Skip to main content

View Diary: Mexican flag (263 comments)

Comment Preferences

  •  If they are demonstrable, (0+ / 0-)

    why don't you share your data?  On the other hand,

    "Many opponents of immigration argue that immigrants are a drag on economic growth and depress wages. The former is untrue: the consensus among experts is that immigration offers positive, if modest, benefits to the United States economy, having similar effects as robust population growth. (It also has very large benefits for the sending country—remittances are a major source of income for, for instance, Mexico, totaling $16 billion last year.) Nor is it necessarily the case, as Paul Krugman wrote in the New York Times on Monday, that immigrants "threaten to unravel" the American welfare state. Most immigrants pay more in taxes than they receive in government benefits—although it's true that financing for various safety net programs may need to be tweaked in the future to accommodate immigration flows. Moreover, increased immigration will help ensure that an aging native population in the United States can continue to afford Social Security and Medicare."

    •  All depends on what stats you want to cite (1+ / 0-)
      Recommended by:

      Paul Krugman writes that the crucial difference is between skilled and unskilled immigration.  But given that the vast majority of illegal immigrants are unskilled, we can assume they are more or less synonymous.  While it's true that immigration overall may offer a modest overall benefit in terms of growth, illegal unskilled immigration has been shown to be a disaster for the poorest Americans.  According to a study by Harvard professor George Borjas, it depresses the wages of low-income Americans.

      Here's Borjas:

      The fact that some native-born workers lose from immigration implies that U.S. firms gain because they can now hire workers at lower wages. Many native-born consumers also gain because the lower labor costs lead to cheaper goods and services. In fact, the labor market consequences of immigration generate a net benefit for the entire native-born population. The annual net gain from immigration is small (less than 0.1 percent of gross domestic product), amounting to less than $10 billion a year for the entire native-born population. However, immigration does more than just increase the total income accruing to native-born workers: it also induces a substantial redistribution of wealth away from workers who compete with immigrants and toward employers and other users of immigrant services. These wealth transfers may be in the tens of billions of dollars per year.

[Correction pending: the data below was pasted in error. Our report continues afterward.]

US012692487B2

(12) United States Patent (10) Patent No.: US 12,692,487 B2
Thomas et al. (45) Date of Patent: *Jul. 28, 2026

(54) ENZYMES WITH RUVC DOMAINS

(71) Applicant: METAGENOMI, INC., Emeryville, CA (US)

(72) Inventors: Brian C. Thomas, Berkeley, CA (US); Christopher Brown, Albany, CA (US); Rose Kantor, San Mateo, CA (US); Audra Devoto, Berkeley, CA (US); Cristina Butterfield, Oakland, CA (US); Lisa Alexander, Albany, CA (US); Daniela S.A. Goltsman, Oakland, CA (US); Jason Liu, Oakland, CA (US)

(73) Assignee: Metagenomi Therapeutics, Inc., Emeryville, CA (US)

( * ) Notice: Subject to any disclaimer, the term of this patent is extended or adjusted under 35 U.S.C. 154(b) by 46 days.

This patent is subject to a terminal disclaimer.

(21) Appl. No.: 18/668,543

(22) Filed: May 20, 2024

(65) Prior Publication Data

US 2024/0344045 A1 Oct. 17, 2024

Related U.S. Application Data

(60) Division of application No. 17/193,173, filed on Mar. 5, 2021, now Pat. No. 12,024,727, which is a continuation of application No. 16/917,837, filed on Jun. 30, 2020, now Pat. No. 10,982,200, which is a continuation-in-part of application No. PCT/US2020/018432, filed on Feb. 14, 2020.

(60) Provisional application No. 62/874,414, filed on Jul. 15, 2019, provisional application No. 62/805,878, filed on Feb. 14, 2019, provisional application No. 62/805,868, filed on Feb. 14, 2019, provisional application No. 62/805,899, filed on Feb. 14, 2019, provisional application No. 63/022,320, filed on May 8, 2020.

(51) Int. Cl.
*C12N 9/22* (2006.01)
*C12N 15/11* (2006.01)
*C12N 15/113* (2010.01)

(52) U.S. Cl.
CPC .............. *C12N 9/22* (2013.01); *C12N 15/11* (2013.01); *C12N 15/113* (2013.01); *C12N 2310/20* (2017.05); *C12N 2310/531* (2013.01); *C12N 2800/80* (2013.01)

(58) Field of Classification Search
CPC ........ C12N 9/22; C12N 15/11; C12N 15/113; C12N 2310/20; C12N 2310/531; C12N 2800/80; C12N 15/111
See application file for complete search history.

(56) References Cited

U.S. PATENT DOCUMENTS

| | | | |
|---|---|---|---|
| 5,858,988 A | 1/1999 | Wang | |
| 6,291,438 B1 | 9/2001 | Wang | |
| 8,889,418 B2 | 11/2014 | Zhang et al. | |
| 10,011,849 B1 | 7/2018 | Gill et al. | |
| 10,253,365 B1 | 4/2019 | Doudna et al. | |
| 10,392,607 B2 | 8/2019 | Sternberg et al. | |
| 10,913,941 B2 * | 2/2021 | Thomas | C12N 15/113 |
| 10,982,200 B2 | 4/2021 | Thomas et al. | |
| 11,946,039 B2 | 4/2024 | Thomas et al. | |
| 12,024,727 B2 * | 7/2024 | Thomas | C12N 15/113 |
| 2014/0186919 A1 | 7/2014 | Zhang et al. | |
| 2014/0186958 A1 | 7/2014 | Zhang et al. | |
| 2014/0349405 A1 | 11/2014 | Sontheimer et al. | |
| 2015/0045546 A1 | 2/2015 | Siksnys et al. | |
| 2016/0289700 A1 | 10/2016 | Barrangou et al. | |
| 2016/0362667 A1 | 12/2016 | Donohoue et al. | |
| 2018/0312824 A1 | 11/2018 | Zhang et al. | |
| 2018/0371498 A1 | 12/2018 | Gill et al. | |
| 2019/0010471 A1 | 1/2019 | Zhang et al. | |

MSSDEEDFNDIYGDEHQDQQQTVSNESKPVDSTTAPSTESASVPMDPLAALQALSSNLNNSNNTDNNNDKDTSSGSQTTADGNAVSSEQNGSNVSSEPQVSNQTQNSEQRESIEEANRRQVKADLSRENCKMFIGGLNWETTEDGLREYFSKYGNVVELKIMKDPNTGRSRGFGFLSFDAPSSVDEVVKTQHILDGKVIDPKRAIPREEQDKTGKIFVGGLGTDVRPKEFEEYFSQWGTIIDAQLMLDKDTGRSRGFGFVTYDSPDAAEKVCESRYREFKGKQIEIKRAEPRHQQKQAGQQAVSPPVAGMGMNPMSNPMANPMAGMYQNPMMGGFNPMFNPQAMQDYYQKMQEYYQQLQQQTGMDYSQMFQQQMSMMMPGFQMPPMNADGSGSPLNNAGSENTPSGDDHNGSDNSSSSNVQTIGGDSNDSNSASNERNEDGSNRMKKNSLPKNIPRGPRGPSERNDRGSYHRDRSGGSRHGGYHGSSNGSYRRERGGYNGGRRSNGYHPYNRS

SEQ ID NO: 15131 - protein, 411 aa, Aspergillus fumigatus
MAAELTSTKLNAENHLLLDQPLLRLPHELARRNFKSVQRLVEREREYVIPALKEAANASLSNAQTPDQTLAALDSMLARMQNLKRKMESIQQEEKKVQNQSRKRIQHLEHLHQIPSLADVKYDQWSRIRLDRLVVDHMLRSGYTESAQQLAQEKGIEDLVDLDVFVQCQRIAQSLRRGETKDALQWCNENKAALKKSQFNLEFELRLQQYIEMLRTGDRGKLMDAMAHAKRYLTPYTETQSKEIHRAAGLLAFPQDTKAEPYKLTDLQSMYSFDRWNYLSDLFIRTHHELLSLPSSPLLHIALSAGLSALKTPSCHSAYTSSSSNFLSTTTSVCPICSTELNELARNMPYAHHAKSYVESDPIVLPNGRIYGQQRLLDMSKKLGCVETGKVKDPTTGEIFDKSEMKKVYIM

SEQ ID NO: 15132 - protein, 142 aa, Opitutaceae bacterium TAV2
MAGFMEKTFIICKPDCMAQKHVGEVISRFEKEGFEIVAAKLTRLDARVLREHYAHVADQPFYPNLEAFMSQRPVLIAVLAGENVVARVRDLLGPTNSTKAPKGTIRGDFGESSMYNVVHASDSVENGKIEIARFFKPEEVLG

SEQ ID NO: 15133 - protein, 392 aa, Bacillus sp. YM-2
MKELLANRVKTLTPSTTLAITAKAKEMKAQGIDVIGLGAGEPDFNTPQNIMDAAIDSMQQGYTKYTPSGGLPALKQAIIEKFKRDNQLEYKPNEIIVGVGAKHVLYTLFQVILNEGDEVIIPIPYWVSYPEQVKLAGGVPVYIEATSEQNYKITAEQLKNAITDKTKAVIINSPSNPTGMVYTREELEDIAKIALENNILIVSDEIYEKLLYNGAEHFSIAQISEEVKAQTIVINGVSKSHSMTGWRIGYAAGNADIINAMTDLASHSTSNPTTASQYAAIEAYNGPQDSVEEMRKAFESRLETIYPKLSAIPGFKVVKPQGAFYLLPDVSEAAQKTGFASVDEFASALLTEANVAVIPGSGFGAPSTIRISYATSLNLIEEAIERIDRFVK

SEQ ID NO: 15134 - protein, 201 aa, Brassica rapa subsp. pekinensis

And just who is it that is competing with illegal unskilled immigrants from places like Mexico?  Poor Americans.

      Liberals rightly decry the Bush tax cuts as a transfer of wealth away from the poor to the rich.  Here you have another issue with exactly the same effect and liberals are indifferent.  Why is that?

Subscribe or Donate to support Daily Kos.

  • Recommended (137)
  • Community (68)
  • Elections (33)
  • Media (33)
  • Trans-Pacific Partnership (31)
  • Environment (29)
  • 2016 (29)
  • Law (28)
  • Civil Rights (26)
  • Culture (25)
  • Barack Obama (24)
  • Hillary Clinton (23)
  • Science (22)
  • Climate Change (22)
  • Republicans (22)
  • Labor (20)
  • Economy (19)
  • Marriage Equality (19)
  • Josh Duggar (18)
  • Jeb Bush (18)
  • Click here for the mobile view of the site